You know, this really did deserve more than just a small aside on the recently redesigned IOT web site...
...For the first time, listen online to every episode ever broadcast, from Aristotle to the History of Zero...The list includes many, perhaps all, of the legendary lost episodes...
... These ‘lost editions’ include topics such as Science and Religion, Childhood, Consciousness, The End of History and Quantum Gravity, and they’re discussed by guests including Nobel prizewinner Amartya Sen and the sadly deceased Stephen Jay Gould. The term ‘treasure trove’ is bandied around quite casually these days, but for anyone who enjoys In Our Time, these transcripts are very valuable...
I found Quantum Gravity (RealMedia only) from Feb 22, 2001 - but they "by year" list currently only goes back to 2004. So they've got some bugs to work out.
By walking backwards from Quantum Gravity, however, I was able to locate Evolutionary Psychology (Nov 2000), Imagination and Consciousness June 2000, The Renaissance (June 2000), Death (May 2000), Grand Unified Theory (incl Brian Greene and Martin Rees, Feb 2000), Climate Change Jan 2000 w/ George Monbiot), Time w/ Lee Smolin Dec 1999, Consciousness w/ Roger Penrose (Nov 1999), Utopia (first one not available to play - Oct 1999 - so it's not every episode) ...
Sometime around 1999 the format drops to 30 minutes and the theme becomes "the 20th century". Then we come to the very first episode (Oct 15, 1998):
... In the first programme of a new series examining ideas and events which have shaped thinking in philosophy, religion, science and the arts, Melvyn Bragg and guests discuss warfare and human rights in the 20th century. He talks to Michael Ignatieff about the life of one of the 20th century’s leading philosophers, Isaiah Berlin, and to Sir Michael Howard about the 20th century will be remembered; as a century of progress or as one of the most murderous in history.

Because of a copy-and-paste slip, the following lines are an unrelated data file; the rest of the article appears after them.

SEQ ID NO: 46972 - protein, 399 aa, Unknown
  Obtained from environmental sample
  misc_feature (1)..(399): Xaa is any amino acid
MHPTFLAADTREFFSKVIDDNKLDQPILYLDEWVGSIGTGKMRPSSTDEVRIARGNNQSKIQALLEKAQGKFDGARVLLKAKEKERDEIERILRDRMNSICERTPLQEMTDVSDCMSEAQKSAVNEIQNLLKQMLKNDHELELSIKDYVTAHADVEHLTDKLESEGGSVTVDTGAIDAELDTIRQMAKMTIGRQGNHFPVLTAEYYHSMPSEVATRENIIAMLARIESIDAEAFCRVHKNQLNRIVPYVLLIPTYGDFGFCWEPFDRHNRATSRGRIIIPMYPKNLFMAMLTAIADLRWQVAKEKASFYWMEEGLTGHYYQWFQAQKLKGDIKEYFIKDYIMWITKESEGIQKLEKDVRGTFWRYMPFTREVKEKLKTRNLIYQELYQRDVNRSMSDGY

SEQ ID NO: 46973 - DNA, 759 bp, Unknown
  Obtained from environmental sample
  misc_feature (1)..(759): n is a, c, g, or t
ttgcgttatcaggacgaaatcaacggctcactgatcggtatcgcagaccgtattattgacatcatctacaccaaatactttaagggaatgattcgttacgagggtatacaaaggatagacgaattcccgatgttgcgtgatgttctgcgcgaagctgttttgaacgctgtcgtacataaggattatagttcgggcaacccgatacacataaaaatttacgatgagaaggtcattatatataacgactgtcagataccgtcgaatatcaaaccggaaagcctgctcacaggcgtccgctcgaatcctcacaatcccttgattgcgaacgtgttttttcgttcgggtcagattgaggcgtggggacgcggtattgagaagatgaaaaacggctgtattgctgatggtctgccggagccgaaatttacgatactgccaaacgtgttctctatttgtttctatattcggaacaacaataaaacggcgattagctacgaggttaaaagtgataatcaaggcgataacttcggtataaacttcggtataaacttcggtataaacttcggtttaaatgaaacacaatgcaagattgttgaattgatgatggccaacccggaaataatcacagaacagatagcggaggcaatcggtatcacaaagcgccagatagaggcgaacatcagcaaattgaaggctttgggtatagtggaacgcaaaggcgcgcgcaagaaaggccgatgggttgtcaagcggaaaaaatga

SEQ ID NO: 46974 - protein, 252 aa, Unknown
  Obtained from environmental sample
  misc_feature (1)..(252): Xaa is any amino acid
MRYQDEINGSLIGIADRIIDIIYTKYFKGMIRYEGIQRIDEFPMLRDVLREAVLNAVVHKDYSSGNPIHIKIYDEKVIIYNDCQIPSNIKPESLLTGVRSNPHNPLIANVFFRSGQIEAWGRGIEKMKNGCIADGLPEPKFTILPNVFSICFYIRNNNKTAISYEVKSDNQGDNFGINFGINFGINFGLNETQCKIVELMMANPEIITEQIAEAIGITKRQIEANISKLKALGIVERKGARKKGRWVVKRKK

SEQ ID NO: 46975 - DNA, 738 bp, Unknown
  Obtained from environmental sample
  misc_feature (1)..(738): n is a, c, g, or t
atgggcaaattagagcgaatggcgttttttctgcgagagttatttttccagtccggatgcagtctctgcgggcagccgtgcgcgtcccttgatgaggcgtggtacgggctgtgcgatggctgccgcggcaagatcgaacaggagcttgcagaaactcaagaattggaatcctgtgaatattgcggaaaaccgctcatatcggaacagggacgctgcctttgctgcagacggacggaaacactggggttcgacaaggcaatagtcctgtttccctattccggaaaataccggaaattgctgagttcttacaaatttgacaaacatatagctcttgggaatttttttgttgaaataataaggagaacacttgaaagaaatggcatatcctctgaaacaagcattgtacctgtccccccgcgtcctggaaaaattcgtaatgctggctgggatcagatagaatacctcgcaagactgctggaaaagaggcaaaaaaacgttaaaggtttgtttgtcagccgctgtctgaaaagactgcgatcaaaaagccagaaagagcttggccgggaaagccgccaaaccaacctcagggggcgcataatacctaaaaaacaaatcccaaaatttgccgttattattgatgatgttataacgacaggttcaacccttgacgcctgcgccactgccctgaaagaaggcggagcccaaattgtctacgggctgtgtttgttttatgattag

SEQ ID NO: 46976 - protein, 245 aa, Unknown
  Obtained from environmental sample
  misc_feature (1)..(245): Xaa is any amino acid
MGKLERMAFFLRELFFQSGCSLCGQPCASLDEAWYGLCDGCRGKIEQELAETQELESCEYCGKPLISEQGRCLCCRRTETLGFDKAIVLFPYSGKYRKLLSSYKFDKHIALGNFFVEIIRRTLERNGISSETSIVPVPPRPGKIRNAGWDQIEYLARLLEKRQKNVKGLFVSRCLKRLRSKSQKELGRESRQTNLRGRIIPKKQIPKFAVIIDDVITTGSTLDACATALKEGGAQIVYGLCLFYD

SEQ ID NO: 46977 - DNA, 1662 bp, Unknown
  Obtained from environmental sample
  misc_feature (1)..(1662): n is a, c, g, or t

When we see pictures on television of starving people in war torn areas most of us feel we must ‘do’ something. Where does the feeling that we are in some way responsible for our fellow human beings originate historically? How has technology affected the concept of the Just War? And what are the prospects for world peace as we enter the next century?
With Michael Ignatieff, writer, broadcaster and biographer of Isaiah Berlin; Sir Michael Howard, formerly Regius Professor of History, Oxford University and joint editor of the new Oxford History of the Twentieth Century.Ignatieff now leads the Liberal Party of Canada.
I have my work cut out for me.
Thank you BBC and thank you Lord Bragg and brave guests. There is still hope for humanity.
Update: ok, so go easy on the hope bit.
Update 3/4/2010: The handful that weren't online have since been added. It appears to now be complete!
Update 3/17/2010: The older material mostly uses RealAudio. That's easy to capture using AudioHijack Pro (you do need to read the manual, see also my old directions). Some of the very oldest material, however, is now rendered with the newish BBC iPlayer. To capture that I had to change the AudioHijack source to "Safari"; AHP switches Safari to 32 bit mode to Hijack the stream. I think I would have to change it back to 64bit myself, but I'm inclined to leave it in 32 bit mode for a while. Quite a bit of software doesn't like 64bit.
Update 5/21/2010: I gave up half way through the 30 minute 1999 (year two) Utopia program. It wasn't exactly bad, but the newer material is much better. I suspect today's guests rise to greater expectations than those of early days, and Melvyn is better at keeping people, including Melvyn, on track. It's also likely that ten years of intense study have moved Melvyn into a different world of background expertise. Incidentally, there's a painful point in the Utopia program where the guests expound on a cheesy essay about a posthuman utopia of the genetically enhanced. Melvyn's guests have almost no science fiction background; their futurist dialogs are pathetically naive. We ought to make post-1980 science fiction reading a requirement for a liberal arts degree.